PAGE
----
The second island had no facilities at all and a tarpaulin was erected over some trees and dead branches for our shelter. There we slept on the beach with the boats moored right in front of us. How much more do you need?
We fished various atolls and drop offs for the next four days catching a variety of fish. As with all angling, you work for your fish and have hot and cold spells, but when it’s hot, it’s really hot. According to Luke, this area is only fished for about three weeks out of an entire year. It is pristine. I don’t know many places on earth like that.
The crew that came up with us were amazing and helped whenever possible, and they all spoke English which was a great help. We travelled a great deal over the eight days and ran out two 44 gallon drums of petrol.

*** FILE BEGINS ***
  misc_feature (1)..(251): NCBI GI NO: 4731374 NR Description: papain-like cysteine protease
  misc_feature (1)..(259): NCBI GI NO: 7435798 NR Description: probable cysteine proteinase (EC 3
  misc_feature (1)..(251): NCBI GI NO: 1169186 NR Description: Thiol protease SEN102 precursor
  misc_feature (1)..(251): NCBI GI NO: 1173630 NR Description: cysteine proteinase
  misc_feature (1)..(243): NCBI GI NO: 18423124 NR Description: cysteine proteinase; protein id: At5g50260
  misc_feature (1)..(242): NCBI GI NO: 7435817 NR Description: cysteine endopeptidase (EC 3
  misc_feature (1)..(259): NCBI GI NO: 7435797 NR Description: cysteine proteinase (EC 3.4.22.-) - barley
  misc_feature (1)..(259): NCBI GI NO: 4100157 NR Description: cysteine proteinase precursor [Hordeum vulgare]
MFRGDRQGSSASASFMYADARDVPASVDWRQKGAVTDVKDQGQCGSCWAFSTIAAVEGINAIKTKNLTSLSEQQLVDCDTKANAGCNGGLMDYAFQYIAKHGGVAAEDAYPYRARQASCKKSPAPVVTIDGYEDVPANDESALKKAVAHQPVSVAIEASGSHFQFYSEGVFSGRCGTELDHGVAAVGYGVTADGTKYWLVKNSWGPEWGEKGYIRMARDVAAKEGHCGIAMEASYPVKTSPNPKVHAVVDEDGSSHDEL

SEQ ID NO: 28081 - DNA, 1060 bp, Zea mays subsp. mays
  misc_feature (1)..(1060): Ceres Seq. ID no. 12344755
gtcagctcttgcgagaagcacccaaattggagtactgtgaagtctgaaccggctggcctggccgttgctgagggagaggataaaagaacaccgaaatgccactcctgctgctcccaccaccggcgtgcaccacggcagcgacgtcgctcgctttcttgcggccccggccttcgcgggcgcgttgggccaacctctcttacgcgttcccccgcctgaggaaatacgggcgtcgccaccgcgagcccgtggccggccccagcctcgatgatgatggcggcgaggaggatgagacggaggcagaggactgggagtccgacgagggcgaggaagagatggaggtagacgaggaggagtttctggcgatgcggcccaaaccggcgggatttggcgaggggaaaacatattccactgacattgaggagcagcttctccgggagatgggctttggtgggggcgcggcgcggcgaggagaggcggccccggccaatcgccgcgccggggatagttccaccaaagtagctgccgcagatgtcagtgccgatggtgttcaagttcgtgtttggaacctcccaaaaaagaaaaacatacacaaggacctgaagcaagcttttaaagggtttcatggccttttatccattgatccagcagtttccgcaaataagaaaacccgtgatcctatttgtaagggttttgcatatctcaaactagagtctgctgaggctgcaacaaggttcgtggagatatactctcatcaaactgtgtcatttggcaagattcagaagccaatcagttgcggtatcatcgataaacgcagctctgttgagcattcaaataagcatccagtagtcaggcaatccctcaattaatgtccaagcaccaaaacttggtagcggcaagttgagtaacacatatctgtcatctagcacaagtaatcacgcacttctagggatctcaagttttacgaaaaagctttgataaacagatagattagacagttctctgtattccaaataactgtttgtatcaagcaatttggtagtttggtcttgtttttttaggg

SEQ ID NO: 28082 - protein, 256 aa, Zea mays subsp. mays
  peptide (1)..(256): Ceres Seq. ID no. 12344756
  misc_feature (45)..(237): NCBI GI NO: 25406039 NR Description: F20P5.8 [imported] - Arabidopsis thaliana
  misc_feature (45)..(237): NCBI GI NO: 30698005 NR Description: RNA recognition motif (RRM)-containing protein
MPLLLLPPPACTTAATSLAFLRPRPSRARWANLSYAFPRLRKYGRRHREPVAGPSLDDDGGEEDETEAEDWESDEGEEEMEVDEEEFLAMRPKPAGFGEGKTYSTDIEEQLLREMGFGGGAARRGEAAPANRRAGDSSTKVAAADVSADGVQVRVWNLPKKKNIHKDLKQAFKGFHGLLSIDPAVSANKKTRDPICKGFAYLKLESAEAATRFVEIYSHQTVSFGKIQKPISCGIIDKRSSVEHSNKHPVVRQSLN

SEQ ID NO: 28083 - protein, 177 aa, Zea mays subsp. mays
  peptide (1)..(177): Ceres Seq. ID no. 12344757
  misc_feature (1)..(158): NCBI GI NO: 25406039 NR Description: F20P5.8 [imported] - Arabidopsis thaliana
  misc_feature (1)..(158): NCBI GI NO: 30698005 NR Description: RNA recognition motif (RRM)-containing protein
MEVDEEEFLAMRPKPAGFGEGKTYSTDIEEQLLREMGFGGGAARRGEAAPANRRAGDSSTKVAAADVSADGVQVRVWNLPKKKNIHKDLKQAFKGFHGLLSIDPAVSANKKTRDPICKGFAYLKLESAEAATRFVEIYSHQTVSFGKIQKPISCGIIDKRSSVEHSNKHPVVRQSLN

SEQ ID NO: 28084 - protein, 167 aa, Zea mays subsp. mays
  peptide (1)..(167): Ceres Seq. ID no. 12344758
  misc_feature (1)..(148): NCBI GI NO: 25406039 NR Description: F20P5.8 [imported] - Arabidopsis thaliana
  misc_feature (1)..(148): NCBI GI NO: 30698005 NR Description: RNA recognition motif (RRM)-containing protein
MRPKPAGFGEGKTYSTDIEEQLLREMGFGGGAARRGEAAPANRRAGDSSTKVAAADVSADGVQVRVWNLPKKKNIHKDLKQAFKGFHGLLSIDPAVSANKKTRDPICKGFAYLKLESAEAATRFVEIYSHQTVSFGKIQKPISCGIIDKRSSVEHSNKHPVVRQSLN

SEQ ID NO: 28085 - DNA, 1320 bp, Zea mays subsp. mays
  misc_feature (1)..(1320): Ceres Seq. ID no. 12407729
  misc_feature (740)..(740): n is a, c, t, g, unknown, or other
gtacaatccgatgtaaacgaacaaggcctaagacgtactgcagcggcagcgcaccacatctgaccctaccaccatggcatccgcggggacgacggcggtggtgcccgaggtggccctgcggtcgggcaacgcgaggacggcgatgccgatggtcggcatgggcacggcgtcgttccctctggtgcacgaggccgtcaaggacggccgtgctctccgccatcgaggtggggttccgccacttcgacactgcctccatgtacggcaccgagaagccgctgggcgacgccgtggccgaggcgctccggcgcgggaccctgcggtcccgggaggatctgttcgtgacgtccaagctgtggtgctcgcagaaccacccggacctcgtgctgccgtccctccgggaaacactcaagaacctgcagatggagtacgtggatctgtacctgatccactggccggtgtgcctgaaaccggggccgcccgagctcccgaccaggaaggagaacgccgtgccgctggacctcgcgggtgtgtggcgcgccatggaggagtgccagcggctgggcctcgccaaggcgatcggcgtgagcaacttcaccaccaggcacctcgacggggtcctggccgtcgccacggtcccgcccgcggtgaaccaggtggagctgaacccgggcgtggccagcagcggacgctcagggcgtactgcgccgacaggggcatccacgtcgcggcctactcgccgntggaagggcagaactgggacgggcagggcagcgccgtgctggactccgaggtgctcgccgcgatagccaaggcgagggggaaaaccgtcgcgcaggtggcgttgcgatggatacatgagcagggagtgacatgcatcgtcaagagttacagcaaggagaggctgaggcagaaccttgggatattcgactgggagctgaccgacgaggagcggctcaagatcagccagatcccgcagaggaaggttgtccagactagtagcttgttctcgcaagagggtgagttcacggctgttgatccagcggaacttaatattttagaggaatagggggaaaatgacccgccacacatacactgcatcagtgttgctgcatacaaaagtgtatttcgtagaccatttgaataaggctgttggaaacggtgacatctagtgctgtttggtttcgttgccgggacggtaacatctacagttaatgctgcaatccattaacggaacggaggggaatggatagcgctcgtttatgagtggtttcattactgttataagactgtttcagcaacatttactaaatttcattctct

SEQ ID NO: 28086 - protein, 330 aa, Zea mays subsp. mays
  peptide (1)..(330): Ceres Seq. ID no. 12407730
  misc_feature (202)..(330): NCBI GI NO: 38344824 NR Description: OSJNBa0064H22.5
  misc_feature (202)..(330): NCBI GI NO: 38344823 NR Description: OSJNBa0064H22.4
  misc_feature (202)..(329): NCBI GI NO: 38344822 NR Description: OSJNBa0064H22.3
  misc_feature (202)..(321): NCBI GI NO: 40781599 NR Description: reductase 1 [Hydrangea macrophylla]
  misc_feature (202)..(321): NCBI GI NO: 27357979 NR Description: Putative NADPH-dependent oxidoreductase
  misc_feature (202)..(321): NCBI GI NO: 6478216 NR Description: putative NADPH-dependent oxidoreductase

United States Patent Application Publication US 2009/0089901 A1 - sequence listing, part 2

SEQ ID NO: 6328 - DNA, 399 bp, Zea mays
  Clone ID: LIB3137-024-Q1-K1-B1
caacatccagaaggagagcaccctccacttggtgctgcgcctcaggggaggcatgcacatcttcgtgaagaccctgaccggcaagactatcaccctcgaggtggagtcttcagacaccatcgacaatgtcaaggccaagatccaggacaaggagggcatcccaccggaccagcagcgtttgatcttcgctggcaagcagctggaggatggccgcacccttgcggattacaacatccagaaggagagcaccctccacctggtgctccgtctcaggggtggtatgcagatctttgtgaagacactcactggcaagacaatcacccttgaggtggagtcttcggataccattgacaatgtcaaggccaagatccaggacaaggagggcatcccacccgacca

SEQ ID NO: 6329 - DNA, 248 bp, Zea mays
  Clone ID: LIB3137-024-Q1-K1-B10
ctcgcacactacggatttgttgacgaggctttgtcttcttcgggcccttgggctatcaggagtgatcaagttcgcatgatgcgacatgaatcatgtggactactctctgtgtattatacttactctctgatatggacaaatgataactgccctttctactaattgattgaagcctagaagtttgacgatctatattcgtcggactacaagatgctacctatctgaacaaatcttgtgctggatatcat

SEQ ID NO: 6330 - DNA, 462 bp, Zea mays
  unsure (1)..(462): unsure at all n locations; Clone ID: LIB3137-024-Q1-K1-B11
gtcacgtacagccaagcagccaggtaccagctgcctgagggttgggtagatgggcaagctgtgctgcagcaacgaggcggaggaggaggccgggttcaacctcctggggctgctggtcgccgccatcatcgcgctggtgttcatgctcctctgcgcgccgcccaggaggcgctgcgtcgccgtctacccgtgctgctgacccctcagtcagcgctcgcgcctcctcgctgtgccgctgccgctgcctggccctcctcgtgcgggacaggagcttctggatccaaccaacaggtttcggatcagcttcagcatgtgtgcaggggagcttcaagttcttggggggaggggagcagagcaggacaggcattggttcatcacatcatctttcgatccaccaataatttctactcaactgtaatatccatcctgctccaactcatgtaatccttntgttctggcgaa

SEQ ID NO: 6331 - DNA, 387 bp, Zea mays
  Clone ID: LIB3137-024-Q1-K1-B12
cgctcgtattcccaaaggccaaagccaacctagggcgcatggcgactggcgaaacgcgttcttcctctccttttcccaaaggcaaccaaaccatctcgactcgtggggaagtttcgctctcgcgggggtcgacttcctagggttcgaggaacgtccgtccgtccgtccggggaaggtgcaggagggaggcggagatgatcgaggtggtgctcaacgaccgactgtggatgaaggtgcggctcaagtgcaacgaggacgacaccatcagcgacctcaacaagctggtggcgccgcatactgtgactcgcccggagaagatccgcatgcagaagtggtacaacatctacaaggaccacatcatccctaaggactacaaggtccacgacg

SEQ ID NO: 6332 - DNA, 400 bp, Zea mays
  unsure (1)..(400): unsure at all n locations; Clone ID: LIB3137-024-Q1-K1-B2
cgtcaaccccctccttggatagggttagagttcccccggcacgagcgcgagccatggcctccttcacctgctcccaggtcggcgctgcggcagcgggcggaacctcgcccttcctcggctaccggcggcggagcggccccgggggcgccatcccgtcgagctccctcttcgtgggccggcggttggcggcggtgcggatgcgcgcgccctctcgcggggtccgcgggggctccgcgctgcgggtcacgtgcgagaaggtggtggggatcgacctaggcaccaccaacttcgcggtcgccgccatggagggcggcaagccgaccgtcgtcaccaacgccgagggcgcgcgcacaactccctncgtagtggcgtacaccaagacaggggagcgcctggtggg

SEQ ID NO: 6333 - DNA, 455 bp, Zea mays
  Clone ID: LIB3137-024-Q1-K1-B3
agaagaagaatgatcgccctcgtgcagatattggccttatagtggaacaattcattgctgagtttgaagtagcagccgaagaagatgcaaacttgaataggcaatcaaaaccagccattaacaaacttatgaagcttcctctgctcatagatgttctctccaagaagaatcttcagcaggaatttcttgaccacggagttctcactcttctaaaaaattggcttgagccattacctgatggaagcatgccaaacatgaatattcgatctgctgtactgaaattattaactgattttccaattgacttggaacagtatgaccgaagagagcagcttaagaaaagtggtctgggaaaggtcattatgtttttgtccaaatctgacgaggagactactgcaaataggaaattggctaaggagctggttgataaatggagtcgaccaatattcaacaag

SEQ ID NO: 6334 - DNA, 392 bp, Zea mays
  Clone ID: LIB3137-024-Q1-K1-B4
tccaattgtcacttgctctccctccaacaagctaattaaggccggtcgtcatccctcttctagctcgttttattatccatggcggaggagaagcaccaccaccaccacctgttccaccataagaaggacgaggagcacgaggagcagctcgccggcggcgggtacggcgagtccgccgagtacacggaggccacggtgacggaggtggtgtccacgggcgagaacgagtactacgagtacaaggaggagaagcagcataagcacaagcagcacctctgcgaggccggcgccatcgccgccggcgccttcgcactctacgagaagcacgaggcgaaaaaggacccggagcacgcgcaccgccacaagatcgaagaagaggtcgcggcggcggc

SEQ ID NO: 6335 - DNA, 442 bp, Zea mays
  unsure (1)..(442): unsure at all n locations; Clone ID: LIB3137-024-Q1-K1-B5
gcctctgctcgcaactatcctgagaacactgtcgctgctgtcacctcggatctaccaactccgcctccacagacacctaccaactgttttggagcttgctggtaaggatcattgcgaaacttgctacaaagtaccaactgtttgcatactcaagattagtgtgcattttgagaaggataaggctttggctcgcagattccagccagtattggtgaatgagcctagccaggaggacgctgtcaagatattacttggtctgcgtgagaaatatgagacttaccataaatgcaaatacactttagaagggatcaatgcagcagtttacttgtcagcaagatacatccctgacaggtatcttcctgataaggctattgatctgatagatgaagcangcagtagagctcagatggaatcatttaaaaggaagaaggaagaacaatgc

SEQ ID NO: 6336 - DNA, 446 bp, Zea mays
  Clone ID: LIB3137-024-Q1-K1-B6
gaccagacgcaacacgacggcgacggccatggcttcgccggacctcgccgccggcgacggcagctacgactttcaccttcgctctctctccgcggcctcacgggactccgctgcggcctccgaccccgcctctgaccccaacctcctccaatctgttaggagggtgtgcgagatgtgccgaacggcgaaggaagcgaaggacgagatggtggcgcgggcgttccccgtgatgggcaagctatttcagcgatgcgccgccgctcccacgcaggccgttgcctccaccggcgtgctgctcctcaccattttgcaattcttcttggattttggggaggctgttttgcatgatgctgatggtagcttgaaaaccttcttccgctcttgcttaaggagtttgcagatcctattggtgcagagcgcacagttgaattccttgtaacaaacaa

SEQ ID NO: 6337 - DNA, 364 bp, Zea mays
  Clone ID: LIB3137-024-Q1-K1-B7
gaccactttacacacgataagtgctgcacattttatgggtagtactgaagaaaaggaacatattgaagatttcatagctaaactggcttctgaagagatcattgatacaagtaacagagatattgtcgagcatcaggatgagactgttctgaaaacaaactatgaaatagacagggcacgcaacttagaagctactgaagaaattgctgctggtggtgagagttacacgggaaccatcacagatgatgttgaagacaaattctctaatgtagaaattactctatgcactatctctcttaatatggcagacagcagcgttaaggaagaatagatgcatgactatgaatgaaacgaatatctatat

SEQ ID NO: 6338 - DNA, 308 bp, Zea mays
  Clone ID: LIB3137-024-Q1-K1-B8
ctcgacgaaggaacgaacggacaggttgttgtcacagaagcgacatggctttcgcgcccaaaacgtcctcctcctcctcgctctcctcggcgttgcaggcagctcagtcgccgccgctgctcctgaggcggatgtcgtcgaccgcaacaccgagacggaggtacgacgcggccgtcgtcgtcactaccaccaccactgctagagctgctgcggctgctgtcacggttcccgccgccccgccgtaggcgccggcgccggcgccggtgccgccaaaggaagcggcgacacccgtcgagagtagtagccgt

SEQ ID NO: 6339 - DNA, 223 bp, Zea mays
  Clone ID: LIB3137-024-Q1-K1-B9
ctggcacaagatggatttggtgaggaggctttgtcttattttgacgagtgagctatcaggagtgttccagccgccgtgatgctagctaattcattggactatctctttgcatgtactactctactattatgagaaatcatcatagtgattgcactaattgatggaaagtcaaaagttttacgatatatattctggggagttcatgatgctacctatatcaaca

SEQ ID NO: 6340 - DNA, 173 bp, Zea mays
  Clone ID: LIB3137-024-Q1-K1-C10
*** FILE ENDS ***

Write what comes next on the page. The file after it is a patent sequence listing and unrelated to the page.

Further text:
Eventually we sadly had to break camp and head back to the first island. I fished with Bob and Luke again on the last day. I was jigging with a Stella 20 000, 100 lb braid and a Blue Rose rod when I went vas. I thought I had hooked the bottom as I couldn’t lift the rod at all, then suddenly the bottom started to move. Unfortunately this story didn’t end well; ater a solid 45 minute fight, applying as much pressure as I could muster, I was spooled, but that just means I have to go back. What a way to end a trip, with the fish showing us who is boss!
The last night was spent reminiscing about the trip over a few beers and rum.
If you are into adventure, angling, isolation and untouched beauty, this is a must do trip.
• For further details contact Luke on <firstname.lastname@example.org> or contact the author on +27 82 654 4553.